Bagamoyo is in my 10 historic destinations to visit in Africa. Also on the list is the House of Slaves and its Door of No Return museum on Goree Island in Senegal that is a memorial to the victims of the Atlantic Slave trade. However, it is Bagamoyo that I have to start with next door in Tanzania. For a long time Bagamoyo was a name out of the sketchy history lessons in school. I knew little about the East African slave trade, the notoriety of the slaver Tippu Tip and the slave markets of Zanzibar. My reading of slavery in pre colonial Africa dwelt on the Trans Atlantic slave trade that devastated Central and West Africa.
About 10 years ago, I was having conversation with my elder sister and she expressed a desire to see Bagamoyo and I thought whatever for? So she told me about the origin of the name Bwaga Moyo that translates to lay down your heart in Kiswahili. Bagamoyo was once an infamous terminus on the slave caravan route and the point of No Return for the captured slaves from as far inland as Congo. From there captured men and women would be transported to Zanzibar and paraded in the slave markets for export as human cargo, thus its name, “Bwaga Moyo”.
In 2013, I got to work on a TV production with a talented Jamaican director named Kush. Kush was a Rastafarian and a thoroughbred Pan Africanist. He was very curious about East African pre colonial history. During one of our regular long evening discourses, he asked innocently, “Were your great grandparents slaves?”
I can only track down my family tree to my great grandparents and from all accounts, they were free men. I went to explain that this was the reality for most Kenyans. He slipped into a long moment of silence and reacted almost in disbelief, “You mean there were free men in Africa during the slave trade? I thought all black people had a similar history of enslavement”. That revelation blew his mind. That evening, I came to understand the privilege of not bearing the stigma of slavery that haunts the descendants of enslaved Africans in the Americas to this day.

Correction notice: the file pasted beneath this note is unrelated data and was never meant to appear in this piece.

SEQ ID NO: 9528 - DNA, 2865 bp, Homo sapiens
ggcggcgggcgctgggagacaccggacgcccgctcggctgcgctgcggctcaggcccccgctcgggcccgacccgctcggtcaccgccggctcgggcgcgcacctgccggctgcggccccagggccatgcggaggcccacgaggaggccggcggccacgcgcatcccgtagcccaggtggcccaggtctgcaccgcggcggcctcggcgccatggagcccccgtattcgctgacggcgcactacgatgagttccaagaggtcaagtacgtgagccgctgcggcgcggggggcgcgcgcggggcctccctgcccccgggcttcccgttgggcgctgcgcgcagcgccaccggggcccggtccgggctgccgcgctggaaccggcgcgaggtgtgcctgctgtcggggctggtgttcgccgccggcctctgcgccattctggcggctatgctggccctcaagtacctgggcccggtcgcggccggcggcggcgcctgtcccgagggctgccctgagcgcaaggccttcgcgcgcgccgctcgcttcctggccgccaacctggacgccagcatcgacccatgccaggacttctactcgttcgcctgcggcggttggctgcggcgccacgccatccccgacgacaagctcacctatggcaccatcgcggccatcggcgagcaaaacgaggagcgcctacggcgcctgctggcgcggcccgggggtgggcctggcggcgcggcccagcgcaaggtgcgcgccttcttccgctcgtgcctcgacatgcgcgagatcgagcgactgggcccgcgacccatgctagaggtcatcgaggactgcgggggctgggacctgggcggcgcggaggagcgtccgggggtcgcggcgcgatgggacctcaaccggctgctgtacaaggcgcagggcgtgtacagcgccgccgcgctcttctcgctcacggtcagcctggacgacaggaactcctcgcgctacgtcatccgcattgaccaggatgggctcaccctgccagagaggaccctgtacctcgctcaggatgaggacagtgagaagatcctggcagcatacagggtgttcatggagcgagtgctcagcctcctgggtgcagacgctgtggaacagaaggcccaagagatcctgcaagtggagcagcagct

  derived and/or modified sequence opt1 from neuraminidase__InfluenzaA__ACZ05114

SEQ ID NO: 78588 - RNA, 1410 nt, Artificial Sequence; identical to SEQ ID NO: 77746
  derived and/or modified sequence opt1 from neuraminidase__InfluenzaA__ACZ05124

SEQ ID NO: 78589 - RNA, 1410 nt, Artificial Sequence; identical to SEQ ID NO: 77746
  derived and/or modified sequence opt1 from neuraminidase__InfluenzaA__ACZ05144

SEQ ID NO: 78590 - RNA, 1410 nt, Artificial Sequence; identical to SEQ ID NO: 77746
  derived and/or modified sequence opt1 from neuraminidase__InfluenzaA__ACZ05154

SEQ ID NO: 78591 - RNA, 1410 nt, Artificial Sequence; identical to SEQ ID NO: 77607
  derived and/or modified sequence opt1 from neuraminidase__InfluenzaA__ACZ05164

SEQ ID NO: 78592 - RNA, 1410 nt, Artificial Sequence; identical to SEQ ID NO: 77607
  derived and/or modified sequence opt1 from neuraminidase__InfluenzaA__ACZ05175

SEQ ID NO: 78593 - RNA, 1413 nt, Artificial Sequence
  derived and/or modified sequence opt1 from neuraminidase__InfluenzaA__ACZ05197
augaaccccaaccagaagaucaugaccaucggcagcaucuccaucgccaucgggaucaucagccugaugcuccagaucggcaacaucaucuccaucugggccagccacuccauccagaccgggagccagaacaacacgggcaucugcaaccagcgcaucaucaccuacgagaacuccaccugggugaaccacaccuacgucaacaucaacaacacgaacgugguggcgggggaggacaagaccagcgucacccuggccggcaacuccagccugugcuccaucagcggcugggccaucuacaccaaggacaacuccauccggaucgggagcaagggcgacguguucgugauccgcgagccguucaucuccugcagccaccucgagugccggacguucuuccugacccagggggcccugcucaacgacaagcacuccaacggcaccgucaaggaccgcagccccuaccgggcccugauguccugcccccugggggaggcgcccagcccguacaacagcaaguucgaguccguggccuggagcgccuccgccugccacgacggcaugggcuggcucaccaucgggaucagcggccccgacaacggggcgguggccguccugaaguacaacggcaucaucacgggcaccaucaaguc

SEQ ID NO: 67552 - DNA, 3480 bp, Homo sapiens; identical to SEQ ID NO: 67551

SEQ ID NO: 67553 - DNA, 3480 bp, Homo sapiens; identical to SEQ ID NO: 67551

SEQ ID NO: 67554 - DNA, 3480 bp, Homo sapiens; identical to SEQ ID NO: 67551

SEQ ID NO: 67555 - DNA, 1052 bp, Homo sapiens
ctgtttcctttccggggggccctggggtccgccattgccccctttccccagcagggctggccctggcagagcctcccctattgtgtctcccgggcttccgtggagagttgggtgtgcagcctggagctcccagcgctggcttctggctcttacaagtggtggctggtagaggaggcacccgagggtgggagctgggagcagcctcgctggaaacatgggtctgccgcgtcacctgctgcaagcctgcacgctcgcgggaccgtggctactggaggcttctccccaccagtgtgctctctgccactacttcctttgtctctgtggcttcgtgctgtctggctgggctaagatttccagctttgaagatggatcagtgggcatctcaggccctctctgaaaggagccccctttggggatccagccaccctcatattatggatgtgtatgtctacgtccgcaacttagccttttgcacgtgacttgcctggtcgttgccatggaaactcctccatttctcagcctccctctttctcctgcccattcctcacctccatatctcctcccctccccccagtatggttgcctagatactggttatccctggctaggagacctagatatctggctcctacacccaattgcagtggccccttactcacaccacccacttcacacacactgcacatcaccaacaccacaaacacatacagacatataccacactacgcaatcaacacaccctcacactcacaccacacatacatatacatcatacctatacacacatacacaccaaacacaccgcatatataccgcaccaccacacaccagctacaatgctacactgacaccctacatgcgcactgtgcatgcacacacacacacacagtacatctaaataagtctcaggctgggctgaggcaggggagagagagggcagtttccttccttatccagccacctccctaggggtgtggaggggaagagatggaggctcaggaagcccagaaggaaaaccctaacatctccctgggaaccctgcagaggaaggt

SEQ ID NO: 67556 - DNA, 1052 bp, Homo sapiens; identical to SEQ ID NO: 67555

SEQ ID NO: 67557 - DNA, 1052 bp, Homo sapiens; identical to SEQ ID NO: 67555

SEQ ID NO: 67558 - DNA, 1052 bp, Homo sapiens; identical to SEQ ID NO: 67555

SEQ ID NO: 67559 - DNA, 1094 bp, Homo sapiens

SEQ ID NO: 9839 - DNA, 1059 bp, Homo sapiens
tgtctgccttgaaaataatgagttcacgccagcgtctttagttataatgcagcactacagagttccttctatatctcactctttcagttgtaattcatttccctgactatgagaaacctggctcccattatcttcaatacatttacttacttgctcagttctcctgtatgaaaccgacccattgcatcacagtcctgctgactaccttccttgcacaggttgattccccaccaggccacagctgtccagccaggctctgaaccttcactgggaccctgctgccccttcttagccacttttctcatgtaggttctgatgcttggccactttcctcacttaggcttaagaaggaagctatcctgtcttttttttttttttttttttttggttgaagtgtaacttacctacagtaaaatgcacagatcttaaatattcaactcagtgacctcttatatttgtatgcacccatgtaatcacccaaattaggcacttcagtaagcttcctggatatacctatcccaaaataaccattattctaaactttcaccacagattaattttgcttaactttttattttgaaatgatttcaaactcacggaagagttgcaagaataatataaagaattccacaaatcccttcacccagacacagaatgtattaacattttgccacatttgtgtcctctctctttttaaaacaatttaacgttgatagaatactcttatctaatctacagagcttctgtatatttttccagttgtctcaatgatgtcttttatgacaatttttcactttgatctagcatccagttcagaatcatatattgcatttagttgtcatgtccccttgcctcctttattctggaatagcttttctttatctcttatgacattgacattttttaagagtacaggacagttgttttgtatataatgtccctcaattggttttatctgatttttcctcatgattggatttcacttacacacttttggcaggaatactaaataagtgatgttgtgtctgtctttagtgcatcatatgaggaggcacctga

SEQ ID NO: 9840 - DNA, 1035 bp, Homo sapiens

The story of Africans sold into slavery is supposed to be consigned to historical fact, something that happened a long, long time ago in a cruel, ignorant and evil world but the past has a way of repeating itself. For the most of November, I have run into several video accounts of modern day slave trading in Libya. The victims are migrants, majorly from West Africa seeking a better life in Europe only to get caught out by human traffickers, held in private prisons and sold into slavery. Libya is the modern day Door of No Return, a place to Bwaga Moyo.
When CNN broke the story to the world, the outrage and outpouring of grief for the victims was nowhere near the response to terrorism attacks in Western capitals.
In several forums that I am part of, the shock and disbelief at the dehumanization of African migrants triggered a sense of helplessness. People blamed the African leaders for inaction and the legendary lethargy of the AU towards African crises. Africans were getting sold into slavery by fellow Africans in 2017 and once again black people were turning West in the hope of a benevolent Caucasian savior.
What is brutally ironic about the Libyan slavery tragedy is that a black man precipitated the political crisis leading to civil war. In a moving statement, Gaddaffi once expressed shock that his African Kenyan brother could do this. Obama led the western coalition that demonized and celebrated the assassination of Muammar Gaddafi. The NATO bombing campaign and the clamour for regime change in Libya in 2011 was catastrophic. Obama is on record as stating that the Libyan fiasco was the worst mistake of his presidency.
Now the consequences are visiting innocent African migrants pursuing a better life in Europe only to be trapped in the living hell of a lawless Libya.
The Libyan crisis is not going to be resolved by a few petitions condemning slavery. Our leaders won’t suddenly change and see the light. The conditions that drive Africans on precarious journey across the Sahara in search of dignity in Europe won’t be changed by viral news. Nothing will change until conscious Africans in the continent say with one resolve, “NEVER AGAIN!”
This is a good time for Africans to reacquaint themselves with the heroics of Harriet Tubman, the original Black Moses and her underground railroad. Harriet was born into slavery in the American south in 1822. She escaped slavery as a young woman to the free northern states but returned over and over again to lead slaves to freedom and liberty in the north. Not everyone wanted to be saved from slavery and Tubman would acknowledge that liberty is a personal responsibility when she said,
“ I freed a thousand slaves. I could have freed a thousand more if only they knew they were slaves”.
Marcus Garvey diagnosed the disease and prescribed the medicine in September, 1937 in Novia Scotia, speaking as a free man before Bob Marley made his words famous in the Redemption song ,
“We are going to emancipate ourselves from mental slavery because whilst others may free the body, none but ourselves can free the mind”.